[Alumni story] Kwong Kin-Ming – Passion for Public Policy and Governance

[Alumni story] Kwong Kin-Ming – Passion for Public Policy and Governance


Hello I am Kwong Kin-Ming. I’m from Hong Kong. I graduated from Lee Kuan Yew School of Public Policy in 2011. Now I am the chief editor
of a Taiwan publisher called Monsoon Zone. The reason for me to apply to study in Lee Kuan Yew School of Public Policy is pretty much related to the frequent comparisons of Hong Kong and Singapore. I do think Lee Kuan Yew School of Public
Policy is a very great place providing both empirical and theoretical
perspectives. I think policy education is very important,
particular to policy makers. The importance can be referred to a quote by German philosopher (Immanuel) Kant which says, “Experience without theory or knowledge is just blind”, and I do believe in the saying that knowledge is power. That knowledge is a
good way to cultivate changes in governance. That knowledge can facilitate
paradigm shifts in the society regarding the governance problems and solutions.
That’s why I have always appreciated the case study teaching approach of LKYSPP.
And in fact this kind of teaching approach has been influential in
shaping my career development path. My career goal has always been being a change agent in the realm of governance. So that’s why I wrote about the two books.
One, of me writing Hong Kong’s governance history, and another on comparing
Hong Kong and Singapore’s governance. The Hong Kong governance model is
featured by a lack of clear vision and the sense of direction. The Chinese
government in Hong Kong has always been put emphasis on the need to stand
against the foreign influences. So the norm in general in the public sector is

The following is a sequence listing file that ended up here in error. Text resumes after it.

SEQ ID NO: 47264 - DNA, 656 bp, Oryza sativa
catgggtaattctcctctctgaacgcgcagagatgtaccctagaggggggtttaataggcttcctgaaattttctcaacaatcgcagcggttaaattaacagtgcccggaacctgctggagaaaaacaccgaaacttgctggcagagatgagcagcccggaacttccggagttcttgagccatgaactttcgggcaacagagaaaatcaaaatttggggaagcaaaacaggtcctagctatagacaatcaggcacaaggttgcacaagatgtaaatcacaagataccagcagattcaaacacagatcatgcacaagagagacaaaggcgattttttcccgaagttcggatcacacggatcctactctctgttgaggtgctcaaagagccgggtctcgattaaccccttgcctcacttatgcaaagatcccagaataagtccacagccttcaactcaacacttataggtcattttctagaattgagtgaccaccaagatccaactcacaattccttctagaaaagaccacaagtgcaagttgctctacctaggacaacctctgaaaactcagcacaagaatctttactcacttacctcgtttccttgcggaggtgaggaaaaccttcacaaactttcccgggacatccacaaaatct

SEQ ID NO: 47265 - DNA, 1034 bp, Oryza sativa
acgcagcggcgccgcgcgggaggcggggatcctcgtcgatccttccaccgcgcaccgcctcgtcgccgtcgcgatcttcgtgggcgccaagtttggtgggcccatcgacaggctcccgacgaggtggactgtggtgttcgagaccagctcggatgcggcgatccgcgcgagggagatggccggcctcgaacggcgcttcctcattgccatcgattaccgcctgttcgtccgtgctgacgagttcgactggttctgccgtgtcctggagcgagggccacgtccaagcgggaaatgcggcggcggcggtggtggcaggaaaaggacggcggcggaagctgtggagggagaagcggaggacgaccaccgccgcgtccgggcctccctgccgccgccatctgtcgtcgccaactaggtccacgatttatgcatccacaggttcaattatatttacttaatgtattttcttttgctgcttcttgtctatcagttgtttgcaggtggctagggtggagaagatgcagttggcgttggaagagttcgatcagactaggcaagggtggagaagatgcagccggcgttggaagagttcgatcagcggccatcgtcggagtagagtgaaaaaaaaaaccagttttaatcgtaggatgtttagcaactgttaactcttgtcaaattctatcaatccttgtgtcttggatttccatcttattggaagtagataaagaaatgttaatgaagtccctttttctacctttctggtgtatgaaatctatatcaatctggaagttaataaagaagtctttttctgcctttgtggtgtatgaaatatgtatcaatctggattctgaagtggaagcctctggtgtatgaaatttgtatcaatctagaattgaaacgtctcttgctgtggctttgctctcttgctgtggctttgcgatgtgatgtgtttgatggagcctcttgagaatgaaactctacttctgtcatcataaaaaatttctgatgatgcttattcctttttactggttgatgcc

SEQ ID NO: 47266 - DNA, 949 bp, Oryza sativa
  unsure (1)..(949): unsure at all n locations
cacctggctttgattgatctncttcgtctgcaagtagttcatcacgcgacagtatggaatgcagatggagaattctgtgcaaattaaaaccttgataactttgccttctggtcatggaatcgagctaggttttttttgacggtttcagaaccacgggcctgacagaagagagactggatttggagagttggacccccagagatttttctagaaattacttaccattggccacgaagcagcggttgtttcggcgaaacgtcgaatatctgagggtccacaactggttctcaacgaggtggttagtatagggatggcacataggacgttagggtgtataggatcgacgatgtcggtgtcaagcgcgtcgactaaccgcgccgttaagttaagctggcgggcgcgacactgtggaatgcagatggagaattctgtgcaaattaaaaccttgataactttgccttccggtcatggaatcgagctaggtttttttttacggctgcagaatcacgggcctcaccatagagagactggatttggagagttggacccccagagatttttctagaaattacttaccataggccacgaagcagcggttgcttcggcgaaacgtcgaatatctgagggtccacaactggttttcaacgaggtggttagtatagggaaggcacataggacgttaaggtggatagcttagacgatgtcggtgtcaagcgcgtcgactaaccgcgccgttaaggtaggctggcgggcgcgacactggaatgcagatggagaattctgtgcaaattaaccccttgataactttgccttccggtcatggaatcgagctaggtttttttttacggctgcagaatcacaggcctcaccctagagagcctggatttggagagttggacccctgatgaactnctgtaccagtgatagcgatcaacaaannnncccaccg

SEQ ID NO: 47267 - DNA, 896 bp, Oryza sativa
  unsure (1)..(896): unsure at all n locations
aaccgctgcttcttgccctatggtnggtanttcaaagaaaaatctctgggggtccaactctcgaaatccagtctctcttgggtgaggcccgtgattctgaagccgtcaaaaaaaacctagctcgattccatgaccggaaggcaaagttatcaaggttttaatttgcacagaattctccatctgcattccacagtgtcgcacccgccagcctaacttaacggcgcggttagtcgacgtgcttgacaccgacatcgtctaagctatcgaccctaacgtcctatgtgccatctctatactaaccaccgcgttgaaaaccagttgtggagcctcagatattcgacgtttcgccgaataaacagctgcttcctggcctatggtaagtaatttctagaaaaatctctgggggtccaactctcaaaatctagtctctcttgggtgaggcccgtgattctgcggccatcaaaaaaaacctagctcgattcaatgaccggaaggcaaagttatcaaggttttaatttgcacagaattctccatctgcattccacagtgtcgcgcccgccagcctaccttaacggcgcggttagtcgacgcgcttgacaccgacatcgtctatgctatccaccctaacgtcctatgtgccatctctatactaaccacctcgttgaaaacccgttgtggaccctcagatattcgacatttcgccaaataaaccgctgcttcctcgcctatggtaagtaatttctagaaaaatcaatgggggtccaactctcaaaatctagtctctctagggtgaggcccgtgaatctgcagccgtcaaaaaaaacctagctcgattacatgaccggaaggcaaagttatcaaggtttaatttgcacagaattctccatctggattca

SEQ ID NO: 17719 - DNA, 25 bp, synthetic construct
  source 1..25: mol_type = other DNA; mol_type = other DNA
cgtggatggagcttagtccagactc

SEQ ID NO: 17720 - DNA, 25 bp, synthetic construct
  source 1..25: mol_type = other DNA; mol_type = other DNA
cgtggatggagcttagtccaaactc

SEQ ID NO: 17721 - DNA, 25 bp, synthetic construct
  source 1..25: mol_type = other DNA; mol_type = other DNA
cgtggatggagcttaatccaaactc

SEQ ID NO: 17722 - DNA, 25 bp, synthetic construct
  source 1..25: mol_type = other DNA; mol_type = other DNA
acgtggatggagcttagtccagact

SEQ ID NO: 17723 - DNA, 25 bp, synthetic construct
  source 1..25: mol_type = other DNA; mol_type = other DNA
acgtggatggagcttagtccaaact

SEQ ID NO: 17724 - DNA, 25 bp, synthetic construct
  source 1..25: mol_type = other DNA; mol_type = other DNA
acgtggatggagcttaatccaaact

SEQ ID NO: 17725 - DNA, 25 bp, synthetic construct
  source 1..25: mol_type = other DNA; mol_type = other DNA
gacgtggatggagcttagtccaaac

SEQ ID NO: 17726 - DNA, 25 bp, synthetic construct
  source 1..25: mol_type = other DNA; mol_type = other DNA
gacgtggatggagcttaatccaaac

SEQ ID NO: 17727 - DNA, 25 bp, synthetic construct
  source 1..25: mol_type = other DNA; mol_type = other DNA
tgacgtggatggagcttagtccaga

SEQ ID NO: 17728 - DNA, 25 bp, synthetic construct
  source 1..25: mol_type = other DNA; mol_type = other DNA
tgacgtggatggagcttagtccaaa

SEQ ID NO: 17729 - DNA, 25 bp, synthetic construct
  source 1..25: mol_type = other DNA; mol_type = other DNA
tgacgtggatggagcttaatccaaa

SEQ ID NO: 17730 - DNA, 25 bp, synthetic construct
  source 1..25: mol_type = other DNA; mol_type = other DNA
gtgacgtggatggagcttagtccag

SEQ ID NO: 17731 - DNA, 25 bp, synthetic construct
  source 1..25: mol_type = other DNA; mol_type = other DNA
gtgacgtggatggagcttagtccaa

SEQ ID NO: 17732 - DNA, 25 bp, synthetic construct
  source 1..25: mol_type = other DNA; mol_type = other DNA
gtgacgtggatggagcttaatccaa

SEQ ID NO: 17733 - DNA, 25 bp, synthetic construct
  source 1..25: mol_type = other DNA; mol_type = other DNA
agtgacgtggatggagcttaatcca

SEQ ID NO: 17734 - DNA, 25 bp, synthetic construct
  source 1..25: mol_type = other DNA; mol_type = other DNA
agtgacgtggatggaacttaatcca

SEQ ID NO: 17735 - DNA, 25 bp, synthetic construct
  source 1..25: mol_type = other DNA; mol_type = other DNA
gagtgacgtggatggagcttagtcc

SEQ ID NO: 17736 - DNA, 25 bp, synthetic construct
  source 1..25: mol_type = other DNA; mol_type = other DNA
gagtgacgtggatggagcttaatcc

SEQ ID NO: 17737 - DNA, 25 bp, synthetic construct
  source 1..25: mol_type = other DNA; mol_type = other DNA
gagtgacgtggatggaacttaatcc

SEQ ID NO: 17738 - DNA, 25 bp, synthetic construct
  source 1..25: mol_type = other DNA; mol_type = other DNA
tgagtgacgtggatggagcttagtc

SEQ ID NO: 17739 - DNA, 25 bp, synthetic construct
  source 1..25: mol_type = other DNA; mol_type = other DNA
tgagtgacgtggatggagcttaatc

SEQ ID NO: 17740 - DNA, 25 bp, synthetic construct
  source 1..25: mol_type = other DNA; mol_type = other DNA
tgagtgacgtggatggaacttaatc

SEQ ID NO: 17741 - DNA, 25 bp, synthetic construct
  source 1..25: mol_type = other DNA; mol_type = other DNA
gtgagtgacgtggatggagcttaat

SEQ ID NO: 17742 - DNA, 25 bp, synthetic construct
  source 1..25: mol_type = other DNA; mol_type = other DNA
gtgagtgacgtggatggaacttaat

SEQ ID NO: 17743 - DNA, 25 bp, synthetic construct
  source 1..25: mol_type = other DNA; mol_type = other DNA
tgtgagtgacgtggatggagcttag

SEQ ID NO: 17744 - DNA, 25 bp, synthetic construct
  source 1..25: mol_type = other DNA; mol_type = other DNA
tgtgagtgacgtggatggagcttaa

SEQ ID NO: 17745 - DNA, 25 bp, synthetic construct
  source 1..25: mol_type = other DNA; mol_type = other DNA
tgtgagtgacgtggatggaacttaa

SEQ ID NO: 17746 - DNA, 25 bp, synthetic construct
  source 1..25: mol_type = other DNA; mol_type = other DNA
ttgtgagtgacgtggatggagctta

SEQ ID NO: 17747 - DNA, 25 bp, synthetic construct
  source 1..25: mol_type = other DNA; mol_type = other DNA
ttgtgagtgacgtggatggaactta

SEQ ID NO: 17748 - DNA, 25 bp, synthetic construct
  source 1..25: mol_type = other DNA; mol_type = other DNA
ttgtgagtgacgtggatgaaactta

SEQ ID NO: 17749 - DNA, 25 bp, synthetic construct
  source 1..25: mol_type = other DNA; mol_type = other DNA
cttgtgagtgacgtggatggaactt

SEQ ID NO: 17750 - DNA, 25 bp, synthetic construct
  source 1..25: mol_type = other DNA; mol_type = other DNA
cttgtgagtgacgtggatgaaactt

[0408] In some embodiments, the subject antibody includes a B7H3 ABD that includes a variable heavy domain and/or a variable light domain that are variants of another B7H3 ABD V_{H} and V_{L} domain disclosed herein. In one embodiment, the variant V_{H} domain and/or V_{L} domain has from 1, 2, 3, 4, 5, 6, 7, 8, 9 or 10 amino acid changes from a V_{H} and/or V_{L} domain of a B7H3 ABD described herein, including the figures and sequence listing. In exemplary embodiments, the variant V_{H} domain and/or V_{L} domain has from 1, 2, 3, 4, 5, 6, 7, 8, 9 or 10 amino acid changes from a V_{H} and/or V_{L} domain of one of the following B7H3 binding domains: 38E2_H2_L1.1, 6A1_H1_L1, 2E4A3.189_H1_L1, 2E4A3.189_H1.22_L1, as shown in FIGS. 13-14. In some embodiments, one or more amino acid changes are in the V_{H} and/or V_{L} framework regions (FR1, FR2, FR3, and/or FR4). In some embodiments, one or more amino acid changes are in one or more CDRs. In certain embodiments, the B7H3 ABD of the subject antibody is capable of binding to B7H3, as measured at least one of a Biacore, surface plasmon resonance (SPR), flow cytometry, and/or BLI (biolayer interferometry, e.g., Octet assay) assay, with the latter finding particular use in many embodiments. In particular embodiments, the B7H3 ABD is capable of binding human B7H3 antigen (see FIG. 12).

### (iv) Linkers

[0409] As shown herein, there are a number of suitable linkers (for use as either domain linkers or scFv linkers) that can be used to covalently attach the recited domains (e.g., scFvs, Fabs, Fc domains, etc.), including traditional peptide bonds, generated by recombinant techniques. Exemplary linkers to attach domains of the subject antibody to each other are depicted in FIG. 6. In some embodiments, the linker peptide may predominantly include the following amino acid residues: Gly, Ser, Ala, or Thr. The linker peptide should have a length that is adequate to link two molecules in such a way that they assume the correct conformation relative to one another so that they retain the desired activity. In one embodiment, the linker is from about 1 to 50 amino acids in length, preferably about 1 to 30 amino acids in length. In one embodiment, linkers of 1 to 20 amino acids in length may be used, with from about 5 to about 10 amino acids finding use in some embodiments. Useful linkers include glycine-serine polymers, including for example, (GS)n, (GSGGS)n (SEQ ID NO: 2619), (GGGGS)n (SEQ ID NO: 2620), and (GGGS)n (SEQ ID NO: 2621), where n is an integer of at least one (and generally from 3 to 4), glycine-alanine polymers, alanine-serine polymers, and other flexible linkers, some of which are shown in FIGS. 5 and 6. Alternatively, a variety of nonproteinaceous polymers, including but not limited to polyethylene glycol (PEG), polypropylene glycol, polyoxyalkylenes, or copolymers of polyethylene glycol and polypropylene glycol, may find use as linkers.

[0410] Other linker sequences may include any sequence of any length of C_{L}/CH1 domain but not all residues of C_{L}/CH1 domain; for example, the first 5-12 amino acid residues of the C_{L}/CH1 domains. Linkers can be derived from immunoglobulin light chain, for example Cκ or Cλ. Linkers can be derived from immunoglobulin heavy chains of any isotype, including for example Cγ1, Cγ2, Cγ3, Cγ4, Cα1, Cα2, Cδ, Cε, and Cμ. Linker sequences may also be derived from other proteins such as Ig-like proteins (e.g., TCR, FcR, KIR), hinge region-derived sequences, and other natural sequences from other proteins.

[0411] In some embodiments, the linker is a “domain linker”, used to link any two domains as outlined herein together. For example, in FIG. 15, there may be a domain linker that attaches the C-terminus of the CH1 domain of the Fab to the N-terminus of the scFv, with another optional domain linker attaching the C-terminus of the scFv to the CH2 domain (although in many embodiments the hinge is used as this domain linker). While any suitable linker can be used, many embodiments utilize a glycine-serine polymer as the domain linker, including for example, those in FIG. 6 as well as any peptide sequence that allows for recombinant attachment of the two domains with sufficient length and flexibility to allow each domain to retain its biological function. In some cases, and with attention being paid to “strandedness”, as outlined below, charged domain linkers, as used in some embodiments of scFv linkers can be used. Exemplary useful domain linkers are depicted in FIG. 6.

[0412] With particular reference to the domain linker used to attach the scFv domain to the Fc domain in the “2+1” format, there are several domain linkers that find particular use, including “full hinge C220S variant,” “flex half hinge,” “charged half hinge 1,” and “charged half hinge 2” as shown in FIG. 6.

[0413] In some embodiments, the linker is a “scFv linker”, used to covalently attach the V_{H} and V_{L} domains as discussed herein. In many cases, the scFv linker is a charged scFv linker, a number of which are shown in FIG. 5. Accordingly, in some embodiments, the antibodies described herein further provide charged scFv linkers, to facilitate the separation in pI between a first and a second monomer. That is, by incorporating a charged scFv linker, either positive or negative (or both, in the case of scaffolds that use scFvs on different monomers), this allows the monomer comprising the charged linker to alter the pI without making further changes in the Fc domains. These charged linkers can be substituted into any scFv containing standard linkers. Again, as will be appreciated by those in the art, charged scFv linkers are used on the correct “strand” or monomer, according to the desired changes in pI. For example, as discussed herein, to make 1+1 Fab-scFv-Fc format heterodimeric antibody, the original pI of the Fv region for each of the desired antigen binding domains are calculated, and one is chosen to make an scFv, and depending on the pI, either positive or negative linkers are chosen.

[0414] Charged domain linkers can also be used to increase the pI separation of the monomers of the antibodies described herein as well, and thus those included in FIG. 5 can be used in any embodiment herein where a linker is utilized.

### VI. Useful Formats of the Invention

that one should stick with existing rules, avoiding making value judgments or
upholding independent thinking. So in other words, the Chinese government has
been undermining Hong Kong’s global ties and therefore weakening Hong Kong’s competitiveness. The post-1997 Hong Kong government under Chinese rule have been very vulnerable from day zero because it’s based on a very fragile promise
that the Chinese government will retain Hong Kong’s status quo developed
throughout the British colonial governance. The idea of one country two systems. Once this promise is broken, then the Chinese rule in Hong Kong will
face enormous challenge, and this is what has been happening right now I think in short, work hard play hard. Work hard means you need to do the reading in an industrious way. You need to attend to the courses, and you need to engage in the discussions in class actively and
you need to spend more time observing how the Singapore model runs so as to
maximize your gains in this school and in Singapore. And for play hard, I mean you cannot just stay in your room doing the reading or doing the studying for
the examinations. You also need to actively engage in different sorts of
activities because I think one strength of LKYSPP is that the students
studying here are all from very different backgrounds in terms of
occupation, in terms of place of origins. So, when you get along with your
classmates more often, I think you will learn a lot of things that you can never imagine.

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